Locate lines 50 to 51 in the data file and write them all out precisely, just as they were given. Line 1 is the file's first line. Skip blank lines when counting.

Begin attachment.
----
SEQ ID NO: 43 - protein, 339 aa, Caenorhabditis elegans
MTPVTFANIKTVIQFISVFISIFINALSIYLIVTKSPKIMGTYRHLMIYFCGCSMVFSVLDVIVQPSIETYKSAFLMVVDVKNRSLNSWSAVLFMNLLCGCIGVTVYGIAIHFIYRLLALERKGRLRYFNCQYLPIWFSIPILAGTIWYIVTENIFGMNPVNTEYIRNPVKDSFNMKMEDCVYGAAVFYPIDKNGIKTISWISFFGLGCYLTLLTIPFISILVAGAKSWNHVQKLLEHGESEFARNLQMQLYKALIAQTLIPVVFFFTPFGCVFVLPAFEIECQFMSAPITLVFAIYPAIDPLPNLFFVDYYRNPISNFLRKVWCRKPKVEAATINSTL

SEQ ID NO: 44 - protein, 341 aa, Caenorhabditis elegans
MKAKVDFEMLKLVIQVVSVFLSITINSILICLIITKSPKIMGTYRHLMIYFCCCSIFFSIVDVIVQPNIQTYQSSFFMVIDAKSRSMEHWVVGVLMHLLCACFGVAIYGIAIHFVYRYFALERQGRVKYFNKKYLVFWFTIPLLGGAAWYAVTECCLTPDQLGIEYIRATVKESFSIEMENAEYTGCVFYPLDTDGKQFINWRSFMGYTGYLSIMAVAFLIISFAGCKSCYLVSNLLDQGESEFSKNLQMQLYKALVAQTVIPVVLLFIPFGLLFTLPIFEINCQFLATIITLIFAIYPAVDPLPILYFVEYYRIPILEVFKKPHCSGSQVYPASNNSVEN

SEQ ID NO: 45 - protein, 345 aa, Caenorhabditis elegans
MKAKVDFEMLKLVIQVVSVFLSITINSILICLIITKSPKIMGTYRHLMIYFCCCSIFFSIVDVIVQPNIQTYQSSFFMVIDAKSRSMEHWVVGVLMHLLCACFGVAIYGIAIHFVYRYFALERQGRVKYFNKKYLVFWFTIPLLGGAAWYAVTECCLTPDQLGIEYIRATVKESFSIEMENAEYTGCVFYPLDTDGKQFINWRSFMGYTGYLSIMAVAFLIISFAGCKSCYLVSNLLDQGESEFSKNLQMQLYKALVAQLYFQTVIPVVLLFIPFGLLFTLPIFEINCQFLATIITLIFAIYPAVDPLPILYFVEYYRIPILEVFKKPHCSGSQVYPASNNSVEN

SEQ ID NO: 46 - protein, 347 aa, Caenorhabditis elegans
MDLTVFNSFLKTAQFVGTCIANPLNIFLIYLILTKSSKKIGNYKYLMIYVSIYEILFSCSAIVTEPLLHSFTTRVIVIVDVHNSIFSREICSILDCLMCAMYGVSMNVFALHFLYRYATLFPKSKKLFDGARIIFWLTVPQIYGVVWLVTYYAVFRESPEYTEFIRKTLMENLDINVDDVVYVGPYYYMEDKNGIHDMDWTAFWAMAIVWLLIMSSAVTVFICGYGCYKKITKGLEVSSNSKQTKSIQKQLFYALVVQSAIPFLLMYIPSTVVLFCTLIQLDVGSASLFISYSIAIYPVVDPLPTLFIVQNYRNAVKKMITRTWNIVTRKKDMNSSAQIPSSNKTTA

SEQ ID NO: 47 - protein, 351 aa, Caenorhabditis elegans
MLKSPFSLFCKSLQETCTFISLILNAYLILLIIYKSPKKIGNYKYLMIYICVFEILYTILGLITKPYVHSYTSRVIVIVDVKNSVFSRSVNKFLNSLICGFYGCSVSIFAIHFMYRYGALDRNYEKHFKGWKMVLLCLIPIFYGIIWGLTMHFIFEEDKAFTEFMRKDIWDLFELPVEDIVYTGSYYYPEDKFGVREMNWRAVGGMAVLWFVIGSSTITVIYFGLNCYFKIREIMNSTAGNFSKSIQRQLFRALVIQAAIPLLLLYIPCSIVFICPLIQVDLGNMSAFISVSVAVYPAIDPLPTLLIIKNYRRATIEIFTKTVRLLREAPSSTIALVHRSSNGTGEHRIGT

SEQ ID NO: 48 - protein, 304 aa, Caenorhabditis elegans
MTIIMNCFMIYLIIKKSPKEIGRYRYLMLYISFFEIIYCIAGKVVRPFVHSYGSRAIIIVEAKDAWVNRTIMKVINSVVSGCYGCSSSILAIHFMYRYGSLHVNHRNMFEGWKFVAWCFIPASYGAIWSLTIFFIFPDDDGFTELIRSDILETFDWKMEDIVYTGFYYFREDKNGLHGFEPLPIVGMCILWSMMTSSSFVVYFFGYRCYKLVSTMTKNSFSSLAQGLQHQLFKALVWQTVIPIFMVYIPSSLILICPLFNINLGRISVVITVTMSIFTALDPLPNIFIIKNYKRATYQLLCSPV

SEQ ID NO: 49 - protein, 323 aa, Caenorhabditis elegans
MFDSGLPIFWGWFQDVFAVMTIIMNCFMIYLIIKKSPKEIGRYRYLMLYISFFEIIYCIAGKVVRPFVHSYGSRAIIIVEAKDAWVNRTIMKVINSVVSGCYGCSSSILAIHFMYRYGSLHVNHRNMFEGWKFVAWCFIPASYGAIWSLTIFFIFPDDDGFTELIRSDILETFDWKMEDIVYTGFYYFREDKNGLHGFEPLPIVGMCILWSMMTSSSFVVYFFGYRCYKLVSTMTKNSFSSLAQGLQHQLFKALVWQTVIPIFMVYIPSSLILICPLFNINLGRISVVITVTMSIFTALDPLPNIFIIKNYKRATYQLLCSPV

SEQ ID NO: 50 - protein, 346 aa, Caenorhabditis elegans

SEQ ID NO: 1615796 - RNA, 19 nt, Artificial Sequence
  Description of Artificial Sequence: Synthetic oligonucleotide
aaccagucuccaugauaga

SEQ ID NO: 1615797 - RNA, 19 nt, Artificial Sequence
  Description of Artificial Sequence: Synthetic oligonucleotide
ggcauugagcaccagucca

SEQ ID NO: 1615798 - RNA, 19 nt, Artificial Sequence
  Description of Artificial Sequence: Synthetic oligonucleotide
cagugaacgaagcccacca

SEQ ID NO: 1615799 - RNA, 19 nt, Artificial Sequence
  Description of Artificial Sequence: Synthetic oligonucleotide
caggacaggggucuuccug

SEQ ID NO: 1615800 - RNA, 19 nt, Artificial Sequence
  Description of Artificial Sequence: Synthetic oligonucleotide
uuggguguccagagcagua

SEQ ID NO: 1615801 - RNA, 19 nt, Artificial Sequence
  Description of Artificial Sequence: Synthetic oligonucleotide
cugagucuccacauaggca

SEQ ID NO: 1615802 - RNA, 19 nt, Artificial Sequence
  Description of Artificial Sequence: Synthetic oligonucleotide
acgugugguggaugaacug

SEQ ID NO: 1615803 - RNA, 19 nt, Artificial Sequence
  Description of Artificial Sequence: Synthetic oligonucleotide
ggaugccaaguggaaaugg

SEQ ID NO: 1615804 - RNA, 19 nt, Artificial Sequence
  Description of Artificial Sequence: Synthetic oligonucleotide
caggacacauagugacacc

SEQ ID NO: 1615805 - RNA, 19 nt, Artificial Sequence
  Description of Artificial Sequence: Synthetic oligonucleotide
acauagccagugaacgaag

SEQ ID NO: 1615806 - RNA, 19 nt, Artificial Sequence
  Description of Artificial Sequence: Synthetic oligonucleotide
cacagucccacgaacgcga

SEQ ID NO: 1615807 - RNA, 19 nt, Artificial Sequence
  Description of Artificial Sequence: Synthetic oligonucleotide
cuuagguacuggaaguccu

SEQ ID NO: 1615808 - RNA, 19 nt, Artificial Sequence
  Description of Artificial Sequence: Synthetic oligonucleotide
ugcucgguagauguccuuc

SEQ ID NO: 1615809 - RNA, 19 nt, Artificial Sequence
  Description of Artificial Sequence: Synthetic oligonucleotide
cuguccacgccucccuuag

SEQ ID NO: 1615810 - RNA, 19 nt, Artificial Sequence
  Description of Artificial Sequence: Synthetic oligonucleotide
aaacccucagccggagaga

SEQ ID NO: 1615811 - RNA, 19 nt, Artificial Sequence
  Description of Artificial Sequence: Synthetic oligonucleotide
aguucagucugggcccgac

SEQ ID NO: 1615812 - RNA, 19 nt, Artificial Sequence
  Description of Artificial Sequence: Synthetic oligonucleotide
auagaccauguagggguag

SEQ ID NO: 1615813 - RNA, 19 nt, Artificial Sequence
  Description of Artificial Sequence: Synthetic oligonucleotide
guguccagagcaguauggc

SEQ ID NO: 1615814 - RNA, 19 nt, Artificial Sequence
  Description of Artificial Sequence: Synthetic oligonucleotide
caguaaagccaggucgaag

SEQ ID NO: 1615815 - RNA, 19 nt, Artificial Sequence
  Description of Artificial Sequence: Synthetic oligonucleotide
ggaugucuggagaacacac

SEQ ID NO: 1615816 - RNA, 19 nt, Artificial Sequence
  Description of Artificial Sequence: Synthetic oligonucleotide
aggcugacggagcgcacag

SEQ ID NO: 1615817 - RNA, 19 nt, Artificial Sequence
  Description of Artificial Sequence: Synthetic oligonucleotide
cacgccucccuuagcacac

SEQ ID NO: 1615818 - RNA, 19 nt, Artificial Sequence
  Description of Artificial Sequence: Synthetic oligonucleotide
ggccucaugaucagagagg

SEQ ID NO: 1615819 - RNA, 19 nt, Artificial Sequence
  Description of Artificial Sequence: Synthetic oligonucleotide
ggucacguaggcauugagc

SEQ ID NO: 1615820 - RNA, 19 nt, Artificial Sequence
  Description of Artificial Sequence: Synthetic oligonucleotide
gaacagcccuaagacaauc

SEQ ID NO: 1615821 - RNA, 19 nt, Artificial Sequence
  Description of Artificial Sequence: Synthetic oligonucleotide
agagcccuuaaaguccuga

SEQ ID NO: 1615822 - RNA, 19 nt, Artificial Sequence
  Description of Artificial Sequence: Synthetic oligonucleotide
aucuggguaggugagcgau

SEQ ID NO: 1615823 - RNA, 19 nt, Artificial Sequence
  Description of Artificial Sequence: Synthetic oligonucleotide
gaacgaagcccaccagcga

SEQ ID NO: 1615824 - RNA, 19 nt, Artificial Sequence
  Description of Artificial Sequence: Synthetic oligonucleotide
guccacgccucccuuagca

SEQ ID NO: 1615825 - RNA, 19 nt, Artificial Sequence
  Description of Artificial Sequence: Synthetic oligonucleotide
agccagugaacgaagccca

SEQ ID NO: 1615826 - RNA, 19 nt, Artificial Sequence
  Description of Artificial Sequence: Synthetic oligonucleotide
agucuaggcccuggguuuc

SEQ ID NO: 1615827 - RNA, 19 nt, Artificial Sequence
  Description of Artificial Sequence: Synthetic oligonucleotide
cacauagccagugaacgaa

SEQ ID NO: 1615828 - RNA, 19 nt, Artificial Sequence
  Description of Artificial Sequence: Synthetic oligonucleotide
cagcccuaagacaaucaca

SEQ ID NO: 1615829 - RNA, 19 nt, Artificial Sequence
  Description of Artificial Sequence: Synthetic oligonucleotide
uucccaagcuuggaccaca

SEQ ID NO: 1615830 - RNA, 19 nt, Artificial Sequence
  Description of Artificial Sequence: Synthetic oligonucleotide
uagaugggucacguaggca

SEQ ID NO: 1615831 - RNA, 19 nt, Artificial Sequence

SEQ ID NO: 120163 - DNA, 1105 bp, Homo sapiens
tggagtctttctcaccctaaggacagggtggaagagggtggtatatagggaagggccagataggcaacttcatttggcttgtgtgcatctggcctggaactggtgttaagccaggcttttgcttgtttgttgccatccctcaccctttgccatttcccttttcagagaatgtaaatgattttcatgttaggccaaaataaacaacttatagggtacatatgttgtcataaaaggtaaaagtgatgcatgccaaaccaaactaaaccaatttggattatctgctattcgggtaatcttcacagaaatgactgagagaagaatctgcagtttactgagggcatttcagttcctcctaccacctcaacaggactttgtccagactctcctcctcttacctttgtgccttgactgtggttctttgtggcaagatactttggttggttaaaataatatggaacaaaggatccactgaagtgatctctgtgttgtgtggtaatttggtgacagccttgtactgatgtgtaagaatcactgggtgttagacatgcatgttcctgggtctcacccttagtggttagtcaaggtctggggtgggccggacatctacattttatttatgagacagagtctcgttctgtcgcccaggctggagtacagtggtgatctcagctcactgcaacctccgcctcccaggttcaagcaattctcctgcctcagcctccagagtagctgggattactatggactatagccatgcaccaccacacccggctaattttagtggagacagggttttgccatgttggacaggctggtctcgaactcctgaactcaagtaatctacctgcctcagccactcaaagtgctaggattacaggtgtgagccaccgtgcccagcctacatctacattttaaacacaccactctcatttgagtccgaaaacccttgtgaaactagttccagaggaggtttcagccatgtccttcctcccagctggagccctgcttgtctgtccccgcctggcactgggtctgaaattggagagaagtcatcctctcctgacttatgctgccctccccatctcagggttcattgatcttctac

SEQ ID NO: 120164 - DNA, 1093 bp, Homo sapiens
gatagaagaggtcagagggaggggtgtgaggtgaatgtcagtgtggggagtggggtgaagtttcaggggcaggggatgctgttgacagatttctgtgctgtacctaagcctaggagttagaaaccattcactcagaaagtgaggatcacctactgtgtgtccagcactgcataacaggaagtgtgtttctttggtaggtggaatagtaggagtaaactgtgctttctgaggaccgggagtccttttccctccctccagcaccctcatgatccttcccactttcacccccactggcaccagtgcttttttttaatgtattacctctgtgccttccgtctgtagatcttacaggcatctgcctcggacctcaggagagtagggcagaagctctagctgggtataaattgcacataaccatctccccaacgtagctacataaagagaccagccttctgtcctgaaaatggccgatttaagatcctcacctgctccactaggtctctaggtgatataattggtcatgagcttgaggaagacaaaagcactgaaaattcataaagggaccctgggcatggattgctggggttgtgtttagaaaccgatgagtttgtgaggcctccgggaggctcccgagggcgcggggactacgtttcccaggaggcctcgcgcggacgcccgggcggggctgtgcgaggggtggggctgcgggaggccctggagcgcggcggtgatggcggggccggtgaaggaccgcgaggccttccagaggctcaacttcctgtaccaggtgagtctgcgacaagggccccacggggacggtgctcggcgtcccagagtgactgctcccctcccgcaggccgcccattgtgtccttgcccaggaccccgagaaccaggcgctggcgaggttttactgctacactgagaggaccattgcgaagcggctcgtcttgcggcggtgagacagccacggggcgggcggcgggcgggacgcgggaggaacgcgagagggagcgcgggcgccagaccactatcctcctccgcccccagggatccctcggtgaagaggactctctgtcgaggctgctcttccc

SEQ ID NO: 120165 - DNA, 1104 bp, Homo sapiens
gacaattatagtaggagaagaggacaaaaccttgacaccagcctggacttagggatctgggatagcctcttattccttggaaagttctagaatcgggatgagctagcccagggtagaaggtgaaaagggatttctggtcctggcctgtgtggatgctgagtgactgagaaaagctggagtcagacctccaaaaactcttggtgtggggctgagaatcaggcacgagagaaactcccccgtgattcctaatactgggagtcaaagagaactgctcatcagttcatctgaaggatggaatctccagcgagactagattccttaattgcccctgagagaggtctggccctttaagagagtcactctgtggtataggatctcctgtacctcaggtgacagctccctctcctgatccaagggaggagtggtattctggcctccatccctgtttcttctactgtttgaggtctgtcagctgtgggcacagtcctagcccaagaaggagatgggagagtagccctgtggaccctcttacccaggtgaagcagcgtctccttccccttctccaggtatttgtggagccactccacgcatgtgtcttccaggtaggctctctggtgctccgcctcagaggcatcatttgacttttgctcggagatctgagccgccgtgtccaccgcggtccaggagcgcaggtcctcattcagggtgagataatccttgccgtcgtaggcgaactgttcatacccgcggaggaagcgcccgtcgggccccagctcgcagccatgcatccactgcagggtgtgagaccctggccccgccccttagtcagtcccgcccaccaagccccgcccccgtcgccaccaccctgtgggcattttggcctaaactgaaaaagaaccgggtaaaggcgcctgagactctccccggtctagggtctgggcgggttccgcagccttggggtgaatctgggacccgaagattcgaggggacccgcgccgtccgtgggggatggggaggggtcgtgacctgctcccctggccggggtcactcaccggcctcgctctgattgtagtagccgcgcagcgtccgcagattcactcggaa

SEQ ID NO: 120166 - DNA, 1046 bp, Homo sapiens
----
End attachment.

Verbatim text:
  Description of Artificial Sequence: Synthetic oligonucleotide
cuuagguacuggaaguccu